How can we have a type in coq that represents date?

So that the date is correct by construction, taking care of things like

- Leap years (days in February differ)
- Number of days in the month (28/29/30/31)

Maybe dependent types can help?

I guess somebody must've done this already but couldn't find it with web searches.

Maybe we could use ~~subtypes~~ subset types like `{d : nat | d > 0 /\ d < 32}`

?

Or would having separate constructors like `D1`

, `D2`

, ..., `D31`

be better?

One possible way would be to define a function `days (year : nat) (month : { m : nat | 0 < m <= 12 } : nat`

which computes the number of days in a month, and then define your triple using that function to ensure the day is a valid one, something like

```
Record date := { year : nat ; month : { m : nat | 1 <= m <= 12 } ; day : { d : nat | 1 <= d <= days year month } }.
```

Not sure how easy to use this would be though, this really depends on the kind of things you want to do.

I would rather split the raw data part from the validity criterion, first defining a plain record `Record raw_date := {year : nat ; month : nat ; day : nat }.`

and then a function `valid_date : raw_date -> bool`

that check that a given raw_date is valid and finally define a subset type if needed `Definition date := { d : raw_date | valid_date d = true }.`

. Then functions manipulating dates would first be defined on the computational content and then refined with a lemma stating that they preserve validity.

related: http://formalvindications.com/project/time-manager/

Ping for @Mireia González Bedmar who might be able to comment on your ideas :)

Yannick Forster said:

related: http://formalvindications.com/project/time-manager/

See also the Coq code: https://gitlab.com/formalv/formalv

In FormalV we followed an approach similar to what Kenji suggested. Using natural numbers was better because we were able to use known results about arithmetic to prove properties. @Julin S Feel free to ask for any details, and if you want to use the code but the license poses any trouble, you can let me know as well. We plan to have it as an opam package soon.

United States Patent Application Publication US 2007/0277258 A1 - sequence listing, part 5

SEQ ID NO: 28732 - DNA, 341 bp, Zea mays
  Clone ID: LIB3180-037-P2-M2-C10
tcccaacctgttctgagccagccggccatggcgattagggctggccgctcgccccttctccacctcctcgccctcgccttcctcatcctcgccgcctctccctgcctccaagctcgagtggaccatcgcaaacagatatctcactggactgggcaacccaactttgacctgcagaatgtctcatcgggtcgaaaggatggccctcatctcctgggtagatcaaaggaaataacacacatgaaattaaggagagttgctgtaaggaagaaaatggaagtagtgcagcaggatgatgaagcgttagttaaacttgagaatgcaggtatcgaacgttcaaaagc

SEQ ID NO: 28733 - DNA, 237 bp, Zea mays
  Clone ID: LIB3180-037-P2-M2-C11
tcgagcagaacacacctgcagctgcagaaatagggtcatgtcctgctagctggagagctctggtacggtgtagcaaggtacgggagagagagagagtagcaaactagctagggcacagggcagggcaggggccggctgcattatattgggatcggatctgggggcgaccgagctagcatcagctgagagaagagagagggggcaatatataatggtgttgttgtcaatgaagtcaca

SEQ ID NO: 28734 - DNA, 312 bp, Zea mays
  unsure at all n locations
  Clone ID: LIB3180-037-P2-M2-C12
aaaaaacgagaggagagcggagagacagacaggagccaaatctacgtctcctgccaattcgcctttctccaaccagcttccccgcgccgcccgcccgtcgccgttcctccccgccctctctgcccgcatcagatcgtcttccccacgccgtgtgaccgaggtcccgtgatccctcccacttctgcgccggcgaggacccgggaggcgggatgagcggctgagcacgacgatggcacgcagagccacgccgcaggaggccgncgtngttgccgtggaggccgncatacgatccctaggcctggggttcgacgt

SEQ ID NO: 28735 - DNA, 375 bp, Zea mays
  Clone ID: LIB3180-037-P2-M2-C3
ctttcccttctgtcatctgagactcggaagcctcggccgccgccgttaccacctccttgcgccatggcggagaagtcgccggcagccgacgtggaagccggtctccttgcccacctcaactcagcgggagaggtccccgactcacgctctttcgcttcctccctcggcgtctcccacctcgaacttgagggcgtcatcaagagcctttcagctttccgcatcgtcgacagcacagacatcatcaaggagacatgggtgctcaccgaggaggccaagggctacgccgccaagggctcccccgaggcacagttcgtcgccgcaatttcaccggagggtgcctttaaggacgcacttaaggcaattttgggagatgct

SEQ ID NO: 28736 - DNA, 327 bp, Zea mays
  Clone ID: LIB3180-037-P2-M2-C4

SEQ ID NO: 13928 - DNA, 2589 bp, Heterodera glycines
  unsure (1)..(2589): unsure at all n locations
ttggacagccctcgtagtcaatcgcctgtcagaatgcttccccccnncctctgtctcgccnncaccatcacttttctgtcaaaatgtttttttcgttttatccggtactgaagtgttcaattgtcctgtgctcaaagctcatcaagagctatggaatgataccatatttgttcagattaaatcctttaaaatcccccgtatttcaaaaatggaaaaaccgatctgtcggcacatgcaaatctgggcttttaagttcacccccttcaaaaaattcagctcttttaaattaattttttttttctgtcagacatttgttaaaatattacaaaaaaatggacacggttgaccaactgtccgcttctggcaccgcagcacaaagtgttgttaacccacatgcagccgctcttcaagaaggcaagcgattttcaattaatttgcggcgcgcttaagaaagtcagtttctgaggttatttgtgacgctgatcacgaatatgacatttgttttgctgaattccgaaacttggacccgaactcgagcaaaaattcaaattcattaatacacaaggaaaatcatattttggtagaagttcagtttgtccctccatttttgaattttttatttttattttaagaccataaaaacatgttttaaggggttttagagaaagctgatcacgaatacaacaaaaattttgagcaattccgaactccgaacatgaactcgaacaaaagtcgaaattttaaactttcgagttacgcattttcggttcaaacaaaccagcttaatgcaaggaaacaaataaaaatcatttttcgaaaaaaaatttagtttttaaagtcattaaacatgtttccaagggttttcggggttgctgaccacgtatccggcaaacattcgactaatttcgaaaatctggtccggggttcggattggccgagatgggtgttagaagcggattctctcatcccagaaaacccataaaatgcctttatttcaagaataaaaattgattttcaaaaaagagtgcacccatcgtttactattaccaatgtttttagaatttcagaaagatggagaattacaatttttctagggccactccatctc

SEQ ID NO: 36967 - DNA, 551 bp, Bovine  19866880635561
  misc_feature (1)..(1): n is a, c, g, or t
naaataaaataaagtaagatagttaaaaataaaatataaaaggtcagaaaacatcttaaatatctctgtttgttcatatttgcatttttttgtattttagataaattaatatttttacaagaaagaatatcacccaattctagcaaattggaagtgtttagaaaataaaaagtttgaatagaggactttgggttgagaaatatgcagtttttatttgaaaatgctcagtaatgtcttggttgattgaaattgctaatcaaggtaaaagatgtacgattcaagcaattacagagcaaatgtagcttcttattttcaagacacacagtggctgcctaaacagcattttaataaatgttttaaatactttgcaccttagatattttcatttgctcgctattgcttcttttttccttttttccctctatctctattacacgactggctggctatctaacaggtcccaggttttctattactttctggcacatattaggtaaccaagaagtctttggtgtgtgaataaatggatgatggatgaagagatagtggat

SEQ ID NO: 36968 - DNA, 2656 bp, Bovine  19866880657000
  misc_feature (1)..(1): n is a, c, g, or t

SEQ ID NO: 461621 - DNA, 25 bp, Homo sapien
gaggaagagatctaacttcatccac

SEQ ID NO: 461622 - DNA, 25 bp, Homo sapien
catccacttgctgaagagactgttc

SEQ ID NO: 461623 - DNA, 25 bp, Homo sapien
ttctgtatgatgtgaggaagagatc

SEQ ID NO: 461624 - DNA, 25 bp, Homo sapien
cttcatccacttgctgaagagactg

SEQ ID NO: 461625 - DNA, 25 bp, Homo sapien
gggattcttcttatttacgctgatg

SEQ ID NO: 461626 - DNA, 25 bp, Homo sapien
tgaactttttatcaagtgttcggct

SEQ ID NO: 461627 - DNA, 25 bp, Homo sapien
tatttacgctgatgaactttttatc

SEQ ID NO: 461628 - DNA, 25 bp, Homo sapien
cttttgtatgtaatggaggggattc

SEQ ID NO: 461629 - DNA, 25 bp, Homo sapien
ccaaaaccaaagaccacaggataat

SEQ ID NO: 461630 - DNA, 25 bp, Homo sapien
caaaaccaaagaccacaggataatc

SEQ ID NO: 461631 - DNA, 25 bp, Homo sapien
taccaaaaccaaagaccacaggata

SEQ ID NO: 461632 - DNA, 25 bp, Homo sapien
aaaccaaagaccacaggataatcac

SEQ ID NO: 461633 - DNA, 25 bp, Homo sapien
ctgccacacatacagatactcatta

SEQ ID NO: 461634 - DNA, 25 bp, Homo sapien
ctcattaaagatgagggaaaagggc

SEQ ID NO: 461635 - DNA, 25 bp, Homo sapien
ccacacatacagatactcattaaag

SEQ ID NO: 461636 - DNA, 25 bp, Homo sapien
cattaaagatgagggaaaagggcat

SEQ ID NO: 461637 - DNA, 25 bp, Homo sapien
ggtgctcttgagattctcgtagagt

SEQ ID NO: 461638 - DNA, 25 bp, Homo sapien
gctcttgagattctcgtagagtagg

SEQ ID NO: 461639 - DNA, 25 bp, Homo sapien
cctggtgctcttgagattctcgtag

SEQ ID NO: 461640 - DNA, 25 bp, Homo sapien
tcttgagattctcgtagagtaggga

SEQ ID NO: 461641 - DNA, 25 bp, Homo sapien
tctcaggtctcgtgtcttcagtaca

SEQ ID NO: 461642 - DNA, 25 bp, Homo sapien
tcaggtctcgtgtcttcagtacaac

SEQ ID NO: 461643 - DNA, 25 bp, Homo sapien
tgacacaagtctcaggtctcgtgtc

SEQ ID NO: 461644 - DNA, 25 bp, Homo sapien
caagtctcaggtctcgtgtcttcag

When I made a function like:

```
Definition valid_year (y:nat) : bool :=
(Nat.ltb 0 y) && (Nat.ltb y 9999).
```

I got a message saying:

```
To avoid stack overflow, large numbers in nat are interpreted as
applications
of Nat.of_num_uint. [abstract-large-number,numbers]
```

Could it be something to worry about?

Yes. You have to keep in mind that `nat`

values are unary integers, so 9999 is actually `S (S (S ... O))`

with 10000 constructors. So, `nat`

is fine if you want manipulate very small integers. But here, you should consider using more compact representations such as `N`

or `Z`

.

Could using such a compact representation make proofs more complex as well?

Doing an induction is simpler over `nat`

, but that is about the only difference I can think of. Since you are representing dates here, I very much doubt you will ever need to do an induction, so it will make no difference.

Would it be possible for us to make use of some notations and have some way to just enter an encoding of a date so that coq can figure out based on the type to see if it's a valid date?

Since validity is decidable, you can define it in `bool`

and have Coq automatically compute whether a given date is valid. See for example this definition of min_date and the definition of vdT above

Did the people doing javascript formal semantics (or java / rust formal semantics) introduce their own date definition too?

I'd really hope that was out of scope for formal semantics of a language

formalizing dates is valuable of course, but you'd hope the semantics of the core language doesn't depend on it

Last updated: Oct 01 2023 at 18:01 UTC